'RBG' Follows Ruth Bader Ginsburg's Lifetime Of Squashing Sexism

Justice Ruth Bader Ginsburg gets pumped in documentary RBG. (Photo courtesy Magnolia Pictures)


By Elyssa Dudley with Marialexa Kavanaugh

From D.C. to L.A., Supreme Court Justice Ruth Bader Ginsburg has become a feminist pop culture icon. Documentary RBG tells her story as that of a real life superhero. After opening in May, it could go on to be the highest grossing documentary this summer (despite some competition from Mr. Rogers doc Won't You Be My Neighbor).

In 1956, Ginsburg was one of just nine women in a class of 500 at Harvard Law School. She was at the top of her class and one of the 25 students to make the Harvard Law Review, beating out hundreds of men — including her future husband. But there was always pushback.

The 85-year-old Ginsburg began her law career at a time when working women were a novelty and female lawyers were practically unheard of. She remembers when the dean of Harvard Law invited her and the eight other women in her cohort to dinner. He wanted to know: "How do you justify taking a spot from a qualified man?"

Major side-eye.

Filmmakers Betsy West and Julie Cohen wanted their documentary RBG to show the gender discrimination Ginsburg has faced while also showing her triumphs. They follow her travels speaking to crowds of adoring fans, many of them millennials, who've dubbed her in modern meme terminology "The Notorious RBG."

They also go inside her gym, showing her rigorous workout with her trainer. Whatever keeps her going is something we all want to know for our own routines.

A few things you'll learn in the film about Ruth:

  • Her trainer's a former Navy Seal
  • She loves opera
  • She's a night owl
  • She doesn't cook
  • She has a steel trap memory
  • She's not going anywhere anytime soon

Ginsburg was kept out of jobs and denied an opportunity to clerk for the Supreme Court. West told KPCC's The Frame that it was because she'd been recommended to a justice who said, "I'm not going to hire a woman."

She became part of a movement to change discriminatory laws and customs. Lawsuits she brought forced the Supreme Court to look at discrimination.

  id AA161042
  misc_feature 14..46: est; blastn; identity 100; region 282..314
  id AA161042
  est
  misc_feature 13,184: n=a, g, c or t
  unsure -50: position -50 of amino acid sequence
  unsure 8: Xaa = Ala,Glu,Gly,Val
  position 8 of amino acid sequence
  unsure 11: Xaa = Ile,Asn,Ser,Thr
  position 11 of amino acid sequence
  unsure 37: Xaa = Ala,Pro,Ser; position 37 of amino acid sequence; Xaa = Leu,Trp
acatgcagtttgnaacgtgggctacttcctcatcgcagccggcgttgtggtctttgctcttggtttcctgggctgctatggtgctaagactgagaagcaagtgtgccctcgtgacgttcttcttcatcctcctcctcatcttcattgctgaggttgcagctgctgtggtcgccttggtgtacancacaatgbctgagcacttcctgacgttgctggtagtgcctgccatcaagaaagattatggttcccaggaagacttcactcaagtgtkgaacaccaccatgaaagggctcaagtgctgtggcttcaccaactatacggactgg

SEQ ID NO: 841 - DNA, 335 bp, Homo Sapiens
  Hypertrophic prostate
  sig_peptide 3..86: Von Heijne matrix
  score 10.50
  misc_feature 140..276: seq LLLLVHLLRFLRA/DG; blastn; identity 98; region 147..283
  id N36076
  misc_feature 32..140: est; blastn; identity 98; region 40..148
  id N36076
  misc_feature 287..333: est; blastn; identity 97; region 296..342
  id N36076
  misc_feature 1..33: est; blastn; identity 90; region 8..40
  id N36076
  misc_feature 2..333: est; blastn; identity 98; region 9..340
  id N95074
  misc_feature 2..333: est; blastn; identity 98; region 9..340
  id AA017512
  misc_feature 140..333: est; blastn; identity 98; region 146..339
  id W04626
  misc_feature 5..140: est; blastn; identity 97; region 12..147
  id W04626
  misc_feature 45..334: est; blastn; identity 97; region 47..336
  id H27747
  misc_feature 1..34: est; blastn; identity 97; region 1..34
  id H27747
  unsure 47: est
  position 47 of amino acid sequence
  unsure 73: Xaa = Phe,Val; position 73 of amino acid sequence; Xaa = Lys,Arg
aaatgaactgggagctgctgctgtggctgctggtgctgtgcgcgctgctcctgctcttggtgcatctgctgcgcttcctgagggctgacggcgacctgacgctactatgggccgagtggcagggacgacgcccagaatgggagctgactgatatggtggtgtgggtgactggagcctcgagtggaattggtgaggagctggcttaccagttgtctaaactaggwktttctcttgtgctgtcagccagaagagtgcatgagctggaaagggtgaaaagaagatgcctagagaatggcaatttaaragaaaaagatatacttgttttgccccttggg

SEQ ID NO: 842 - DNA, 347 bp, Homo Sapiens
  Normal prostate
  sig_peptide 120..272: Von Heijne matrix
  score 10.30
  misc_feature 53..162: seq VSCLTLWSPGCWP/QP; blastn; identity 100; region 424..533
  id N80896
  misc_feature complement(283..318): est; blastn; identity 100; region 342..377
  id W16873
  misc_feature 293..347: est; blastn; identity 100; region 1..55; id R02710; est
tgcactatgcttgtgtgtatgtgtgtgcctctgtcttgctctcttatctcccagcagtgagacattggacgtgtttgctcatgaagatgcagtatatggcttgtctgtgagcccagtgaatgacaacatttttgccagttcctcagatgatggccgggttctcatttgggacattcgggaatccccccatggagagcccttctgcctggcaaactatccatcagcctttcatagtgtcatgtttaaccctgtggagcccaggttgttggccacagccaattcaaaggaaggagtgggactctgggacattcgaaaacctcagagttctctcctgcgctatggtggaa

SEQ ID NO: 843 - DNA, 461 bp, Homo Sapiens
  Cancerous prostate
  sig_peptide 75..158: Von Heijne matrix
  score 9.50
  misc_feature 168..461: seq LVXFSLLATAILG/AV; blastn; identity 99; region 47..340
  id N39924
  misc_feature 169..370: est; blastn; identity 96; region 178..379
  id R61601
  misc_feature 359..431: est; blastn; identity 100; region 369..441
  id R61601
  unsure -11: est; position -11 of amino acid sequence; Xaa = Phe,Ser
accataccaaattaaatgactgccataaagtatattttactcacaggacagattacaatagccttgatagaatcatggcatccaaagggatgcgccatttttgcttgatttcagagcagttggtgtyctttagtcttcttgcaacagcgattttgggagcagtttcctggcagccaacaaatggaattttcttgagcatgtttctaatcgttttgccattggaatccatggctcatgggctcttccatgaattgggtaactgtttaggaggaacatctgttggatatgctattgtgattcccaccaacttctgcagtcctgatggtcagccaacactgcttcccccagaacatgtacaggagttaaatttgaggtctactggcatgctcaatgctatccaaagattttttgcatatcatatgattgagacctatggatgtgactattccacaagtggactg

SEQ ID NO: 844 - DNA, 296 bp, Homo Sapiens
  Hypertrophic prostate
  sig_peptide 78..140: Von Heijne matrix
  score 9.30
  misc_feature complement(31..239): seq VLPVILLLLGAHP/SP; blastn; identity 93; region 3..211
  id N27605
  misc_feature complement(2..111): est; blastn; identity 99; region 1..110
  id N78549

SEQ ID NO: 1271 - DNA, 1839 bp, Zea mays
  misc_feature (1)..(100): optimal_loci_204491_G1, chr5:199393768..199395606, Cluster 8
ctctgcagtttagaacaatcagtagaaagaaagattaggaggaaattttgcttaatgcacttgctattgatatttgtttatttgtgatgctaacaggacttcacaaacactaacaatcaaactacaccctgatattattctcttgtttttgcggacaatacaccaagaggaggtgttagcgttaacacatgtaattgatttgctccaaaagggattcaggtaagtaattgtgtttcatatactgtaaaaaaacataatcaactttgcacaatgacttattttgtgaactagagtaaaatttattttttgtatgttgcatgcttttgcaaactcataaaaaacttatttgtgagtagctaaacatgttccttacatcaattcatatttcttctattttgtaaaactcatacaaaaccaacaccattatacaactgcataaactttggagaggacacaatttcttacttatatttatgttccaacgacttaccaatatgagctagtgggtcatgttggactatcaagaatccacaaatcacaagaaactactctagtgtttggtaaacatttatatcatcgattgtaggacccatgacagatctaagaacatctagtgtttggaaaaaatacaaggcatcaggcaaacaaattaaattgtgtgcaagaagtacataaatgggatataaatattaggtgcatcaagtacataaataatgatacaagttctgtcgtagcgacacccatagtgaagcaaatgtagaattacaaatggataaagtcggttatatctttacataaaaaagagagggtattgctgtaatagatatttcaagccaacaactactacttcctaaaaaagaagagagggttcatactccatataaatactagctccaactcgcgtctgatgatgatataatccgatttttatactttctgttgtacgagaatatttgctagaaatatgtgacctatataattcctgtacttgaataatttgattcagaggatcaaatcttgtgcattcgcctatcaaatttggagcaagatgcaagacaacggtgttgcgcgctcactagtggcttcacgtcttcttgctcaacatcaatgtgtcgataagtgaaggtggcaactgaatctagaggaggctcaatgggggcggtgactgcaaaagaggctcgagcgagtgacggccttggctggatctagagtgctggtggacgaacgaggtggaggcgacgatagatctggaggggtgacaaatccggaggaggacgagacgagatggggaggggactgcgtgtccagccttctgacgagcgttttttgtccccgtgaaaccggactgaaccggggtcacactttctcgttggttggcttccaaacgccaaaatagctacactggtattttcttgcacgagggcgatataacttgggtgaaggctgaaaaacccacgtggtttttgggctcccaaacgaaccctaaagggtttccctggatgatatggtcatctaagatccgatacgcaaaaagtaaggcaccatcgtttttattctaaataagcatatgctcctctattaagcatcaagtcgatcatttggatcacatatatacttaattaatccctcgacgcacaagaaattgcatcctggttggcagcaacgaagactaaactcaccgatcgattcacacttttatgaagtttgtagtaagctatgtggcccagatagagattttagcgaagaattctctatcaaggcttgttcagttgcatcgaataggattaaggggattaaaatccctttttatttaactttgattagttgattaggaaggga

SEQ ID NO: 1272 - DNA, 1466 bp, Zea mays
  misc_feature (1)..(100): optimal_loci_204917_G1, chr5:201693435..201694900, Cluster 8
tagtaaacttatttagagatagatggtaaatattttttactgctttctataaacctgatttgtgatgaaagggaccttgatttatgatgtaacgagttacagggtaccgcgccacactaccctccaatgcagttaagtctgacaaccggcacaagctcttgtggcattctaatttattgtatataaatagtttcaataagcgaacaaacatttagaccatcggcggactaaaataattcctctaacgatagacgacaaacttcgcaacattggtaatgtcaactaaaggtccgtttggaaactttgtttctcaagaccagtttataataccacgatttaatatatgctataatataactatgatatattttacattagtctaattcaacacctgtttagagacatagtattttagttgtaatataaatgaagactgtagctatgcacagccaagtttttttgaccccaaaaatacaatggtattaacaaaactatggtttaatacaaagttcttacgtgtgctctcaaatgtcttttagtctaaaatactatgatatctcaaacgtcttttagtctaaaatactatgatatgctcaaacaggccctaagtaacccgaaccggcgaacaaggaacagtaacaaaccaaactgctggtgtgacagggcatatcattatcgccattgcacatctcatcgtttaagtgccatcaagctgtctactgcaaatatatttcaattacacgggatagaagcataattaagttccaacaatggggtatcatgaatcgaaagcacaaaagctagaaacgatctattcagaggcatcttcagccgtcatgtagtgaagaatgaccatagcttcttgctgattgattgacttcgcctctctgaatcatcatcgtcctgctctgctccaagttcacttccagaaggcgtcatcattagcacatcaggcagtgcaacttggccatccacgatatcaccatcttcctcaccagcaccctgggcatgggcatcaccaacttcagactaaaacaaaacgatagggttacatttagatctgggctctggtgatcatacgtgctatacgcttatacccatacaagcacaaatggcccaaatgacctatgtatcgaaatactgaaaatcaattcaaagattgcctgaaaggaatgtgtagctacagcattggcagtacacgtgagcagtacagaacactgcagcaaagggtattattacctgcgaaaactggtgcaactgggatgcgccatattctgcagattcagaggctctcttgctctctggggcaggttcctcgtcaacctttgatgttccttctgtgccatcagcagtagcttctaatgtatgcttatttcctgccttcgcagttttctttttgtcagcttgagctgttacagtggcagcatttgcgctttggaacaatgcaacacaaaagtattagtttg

"Ruth Bader Ginsburg brought it to their attention and had a tremendous impact on every woman in this country," West said.

Ginsburg faced casually sexist remarks in her work as a litigator in front of the Supreme Court. When asked how she dealt with those comments, she told the filmmakers, "Never in anger."

West said, "My favorite comment that she made was, 'I almost felt like I was a kindergartener, explaining to these justices that yes, discrimination against women exists.' It was Justice Ginsburg, then as a lawyer, who was explaining to justices [that] no, women don't have it all. They are not on a pedestal and treated better. The pedestal is almost a cage."

She also had an unconventional marriage with her late husband that helped her on her journey to change the nation. Her husband was an accomplished lawyer, West said, a partner at a New York City firm.

"When he was trying to make partner, his career came first," West said. "But as the women's movement ramped up and as she began this initiative to bring cases to challenge discriminatory laws, Marty Ginsburg understood the importance of her work."

He stepped back and let Ruth's career come first. He also did all the cooking.

"He was a fantastic cook, a very funny guy," West said. "She loved his sense of humor and he helped her become a Supreme Court Justice. She says, 'There's no question that without Marty, I probably wouldn't have been considered.'"


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